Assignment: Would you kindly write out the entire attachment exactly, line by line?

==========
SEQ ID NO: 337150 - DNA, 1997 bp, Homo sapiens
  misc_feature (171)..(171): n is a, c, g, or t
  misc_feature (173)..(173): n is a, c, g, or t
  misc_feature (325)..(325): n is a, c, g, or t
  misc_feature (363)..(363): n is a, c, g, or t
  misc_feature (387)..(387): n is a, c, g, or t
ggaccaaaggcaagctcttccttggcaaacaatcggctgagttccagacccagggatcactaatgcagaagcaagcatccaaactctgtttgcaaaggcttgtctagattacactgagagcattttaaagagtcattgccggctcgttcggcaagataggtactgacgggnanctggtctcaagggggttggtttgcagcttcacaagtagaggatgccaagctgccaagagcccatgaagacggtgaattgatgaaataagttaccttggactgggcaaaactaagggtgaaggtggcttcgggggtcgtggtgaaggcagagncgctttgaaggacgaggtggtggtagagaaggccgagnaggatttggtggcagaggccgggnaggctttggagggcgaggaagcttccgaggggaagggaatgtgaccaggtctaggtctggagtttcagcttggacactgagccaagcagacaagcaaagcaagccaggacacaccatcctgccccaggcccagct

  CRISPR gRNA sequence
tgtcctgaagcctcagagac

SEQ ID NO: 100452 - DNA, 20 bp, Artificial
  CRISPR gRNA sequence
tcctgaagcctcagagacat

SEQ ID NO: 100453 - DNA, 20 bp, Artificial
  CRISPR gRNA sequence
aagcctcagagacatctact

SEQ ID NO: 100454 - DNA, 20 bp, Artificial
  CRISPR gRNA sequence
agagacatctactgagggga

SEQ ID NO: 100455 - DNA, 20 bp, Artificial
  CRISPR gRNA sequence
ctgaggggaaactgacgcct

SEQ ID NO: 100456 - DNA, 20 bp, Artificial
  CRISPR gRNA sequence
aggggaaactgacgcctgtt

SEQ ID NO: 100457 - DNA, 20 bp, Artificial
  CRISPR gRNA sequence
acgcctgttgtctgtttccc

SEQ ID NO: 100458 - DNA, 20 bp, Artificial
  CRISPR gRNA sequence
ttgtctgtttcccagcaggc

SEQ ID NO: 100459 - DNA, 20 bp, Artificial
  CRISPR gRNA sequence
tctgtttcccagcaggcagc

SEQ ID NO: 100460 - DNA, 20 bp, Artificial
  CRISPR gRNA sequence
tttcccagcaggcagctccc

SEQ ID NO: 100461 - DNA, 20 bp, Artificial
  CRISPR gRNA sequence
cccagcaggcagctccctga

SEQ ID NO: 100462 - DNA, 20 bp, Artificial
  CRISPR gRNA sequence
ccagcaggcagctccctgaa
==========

SEQ ID NO: 337150 - DNA, 1997 bp, Homo sapiens
  misc_feature (171)..(171): n is a, c, g, or t
  misc_feature (173)..(173): n is a, c, g, or t
  misc_feature (325)..(325): n is a, c, g, or t
  misc_feature (363)..(363): n is a, c, g, or t
  misc_feature (387)..(387): n is a, c, g, or t
ggaccaaaggcaagctcttccttggcaaacaatcggctgagttccagacccagggatcactaatgcagaagcaagcatccaaactctgtttgcaaaggcttgtctagattacactgagagcattttaaagagtcattgccggctcgttcggcaagataggtactgacgggnanctggtctcaagggggttggtttgcagcttcacaagtagaggatgccaagctgccaagagcccatgaagacggtgaattgatgaaataagttaccttggactgggcaaaactaagggtgaaggtggcttcgggggtcgtggtgaaggcagagncgctttgaaggacgaggtggtggtagagaaggccgagnaggatttggtggcagaggccgggnaggctttggagggcgaggaagcttccgaggggaagggaatgtgaccaggtctaggtctggagtttcagcttggacactgagccaagcagacaagcaaagcaagccaggacacaccatcctgccccaggcccagct

  CRISPR gRNA sequence
tgtcctgaagcctcagagac

SEQ ID NO: 100452 - DNA, 20 bp, Artificial
  CRISPR gRNA sequence
tcctgaagcctcagagacat

SEQ ID NO: 100453 - DNA, 20 bp, Artificial
  CRISPR gRNA sequence
aagcctcagagacatctact

SEQ ID NO: 100454 - DNA, 20 bp, Artificial
  CRISPR gRNA sequence
agagacatctactgagggga

SEQ ID NO: 100455 - DNA, 20 bp, Artificial
  CRISPR gRNA sequence
ctgaggggaaactgacgcct

SEQ ID NO: 100456 - DNA, 20 bp, Artificial
  CRISPR gRNA sequence
aggggaaactgacgcctgtt

SEQ ID NO: 100457 - DNA, 20 bp, Artificial
  CRISPR gRNA sequence
acgcctgttgtctgtttccc

SEQ ID NO: 100458 - DNA, 20 bp, Artificial
  CRISPR gRNA sequence
ttgtctgtttcccagcaggc

SEQ ID NO: 100459 - DNA, 20 bp, Artificial
  CRISPR gRNA sequence
tctgtttcccagcaggcagc

SEQ ID NO: 100460 - DNA, 20 bp, Artificial
  CRISPR gRNA sequence
tttcccagcaggcagctccc

SEQ ID NO: 100461 - DNA, 20 bp, Artificial
  CRISPR gRNA sequence
cccagcaggcagctccctga

SEQ ID NO: 100462 - DNA, 20 bp, Artificial
  CRISPR gRNA sequence
ccagcaggcagctccctgaa